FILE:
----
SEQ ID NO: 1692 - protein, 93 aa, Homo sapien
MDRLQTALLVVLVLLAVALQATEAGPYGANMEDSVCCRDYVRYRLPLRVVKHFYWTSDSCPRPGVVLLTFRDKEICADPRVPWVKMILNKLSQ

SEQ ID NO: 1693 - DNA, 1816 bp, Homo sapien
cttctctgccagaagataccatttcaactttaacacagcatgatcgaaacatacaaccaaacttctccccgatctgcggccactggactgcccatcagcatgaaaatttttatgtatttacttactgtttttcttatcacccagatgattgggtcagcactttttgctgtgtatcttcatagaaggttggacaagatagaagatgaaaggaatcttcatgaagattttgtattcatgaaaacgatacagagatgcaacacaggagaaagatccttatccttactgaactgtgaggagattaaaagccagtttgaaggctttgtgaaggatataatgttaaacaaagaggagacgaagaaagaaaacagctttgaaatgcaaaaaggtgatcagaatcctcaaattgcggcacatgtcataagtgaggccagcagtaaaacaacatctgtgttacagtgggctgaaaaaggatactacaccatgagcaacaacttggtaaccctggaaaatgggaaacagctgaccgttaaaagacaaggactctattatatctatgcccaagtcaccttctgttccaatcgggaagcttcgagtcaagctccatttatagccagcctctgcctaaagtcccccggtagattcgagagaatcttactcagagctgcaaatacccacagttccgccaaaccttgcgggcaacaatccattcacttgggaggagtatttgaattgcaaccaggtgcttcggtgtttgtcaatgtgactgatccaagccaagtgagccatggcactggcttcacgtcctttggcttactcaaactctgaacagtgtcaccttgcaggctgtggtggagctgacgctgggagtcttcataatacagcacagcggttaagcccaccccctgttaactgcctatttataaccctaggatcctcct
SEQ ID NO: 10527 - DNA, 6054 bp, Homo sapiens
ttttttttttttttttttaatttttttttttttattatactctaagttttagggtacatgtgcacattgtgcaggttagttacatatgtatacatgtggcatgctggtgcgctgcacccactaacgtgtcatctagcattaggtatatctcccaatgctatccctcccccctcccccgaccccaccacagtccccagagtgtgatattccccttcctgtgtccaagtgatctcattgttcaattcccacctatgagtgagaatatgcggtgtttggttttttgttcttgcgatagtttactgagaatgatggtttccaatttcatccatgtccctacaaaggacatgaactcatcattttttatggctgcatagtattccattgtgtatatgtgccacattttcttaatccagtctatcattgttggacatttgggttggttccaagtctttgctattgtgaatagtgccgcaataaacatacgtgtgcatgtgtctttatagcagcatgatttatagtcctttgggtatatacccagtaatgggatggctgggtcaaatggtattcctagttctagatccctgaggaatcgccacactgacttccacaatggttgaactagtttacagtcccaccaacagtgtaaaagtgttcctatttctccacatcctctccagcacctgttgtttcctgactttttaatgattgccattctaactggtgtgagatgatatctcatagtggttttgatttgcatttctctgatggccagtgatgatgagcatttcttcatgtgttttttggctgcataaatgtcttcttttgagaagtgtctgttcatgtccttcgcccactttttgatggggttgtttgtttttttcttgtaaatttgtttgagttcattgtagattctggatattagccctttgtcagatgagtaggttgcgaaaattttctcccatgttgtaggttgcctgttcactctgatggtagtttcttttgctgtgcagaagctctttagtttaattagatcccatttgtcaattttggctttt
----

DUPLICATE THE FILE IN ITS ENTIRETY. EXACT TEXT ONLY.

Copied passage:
SEQ ID NO: 1692 - protein, 93 aa, Homo sapien
MDRLQTALLVVLVLLAVALQATEAGPYGANMEDSVCCRDYVRYRLPLRVVKHFYWTSDSCPRPGVVLLTFRDKEICADPRVPWVKMILNKLSQ

SEQ ID NO: 1693 - DNA, 1816 bp, Homo sapien
cttctctgccagaagataccatttcaactttaacacagcatgatcgaaacatacaaccaaacttctccccgatctgcggccactggactgcccatcagcatgaaaatttttatgtatttacttactgtttttcttatcacccagatgattgggtcagcactttttgctgtgtatcttcatagaaggttggacaagatagaagatgaaaggaatcttcatgaagattttgtattcatgaaaacgatacagagatgcaacacaggagaaagatccttatccttactgaactgtgaggagattaaaagccagtttgaaggctttgtgaaggatataatgttaaacaaagaggagacgaagaaagaaaacagctttgaaatgcaaaaaggtgatcagaatcctcaaattgcggcacatgtcataagtgaggccagcagtaaaacaacatctgtgttacagtgggctgaaaaaggatactacaccatgagcaacaacttggtaaccctggaaaatgggaaacagctgaccgttaaaagacaaggactctattatatctatgcccaagtcaccttctgttccaatcgggaagcttcgagtcaagctccatttatagccagcctctgcctaaagtcccccggtagattcgagagaatcttactcagagctgcaaatacccacagttccgccaaaccttgcgggcaacaatccattcacttgggaggagtatttgaattgcaaccaggtgcttcggtgtttgtcaatgtgactgatccaagccaagtgagccatggcactggcttcacgtcctttggcttactcaaactctgaacagtgtcaccttgcaggctgtggtggagctgacgctgggagtcttcataatacagcacagcggttaagcccaccccctgttaactgcctatttataaccctaggatcctcct
SEQ ID NO: 10527 - DNA, 6054 bp, Homo sapiens
ttttttttttttttttttaatttttttttttttattatactctaagttttagggtacatgtgcacattgtgcaggttagttacatatgtatacatgtggcatgctggtgcgctgcacccactaacgtgtcatctagcattaggtatatctcccaatgctatccctcccccctcccccgaccccaccacagtccccagagtgtgatattccccttcctgtgtccaagtgatctcattgttcaattcccacctatgagtgagaatatgcggtgtttggttttttgttcttgcgatagtttactgagaatgatggtttccaatttcatccatgtccctacaaaggacatgaactcatcattttttatggctgcatagtattccattgtgtatatgtgccacattttcttaatccagtctatcattgttggacatttgggttggttccaagtctttgctattgtgaatagtgccgcaataaacatacgtgtgcatgtgtctttatagcagcatgatttatagtcctttgggtatatacccagtaatgggatggctgggtcaaatggtattcctagttctagatccctgaggaatcgccacactgacttccacaatggttgaactagtttacagtcccaccaacagtgtaaaagtgttcctatttctccacatcctctccagcacctgttgtttcctgactttttaatgattgccattctaactggtgtgagatgatatctcatagtggttttgatttgcatttctctgatggccagtgatgatgagcatttcttcatgtgttttttggctgcataaatgtcttcttttgagaagtgtctgttcatgtccttcgcccactttttgatggggttgtttgtttttttcttgtaaatttgtttgagttcattgtagattctggatattagccctttgtcagatgagtaggttgcgaaaattttctcccatgttgtaggttgcctgttcactctgatggtagtttcttttgctgtgcagaagctctttagtttaattagatcccatttgtcaattttggctttt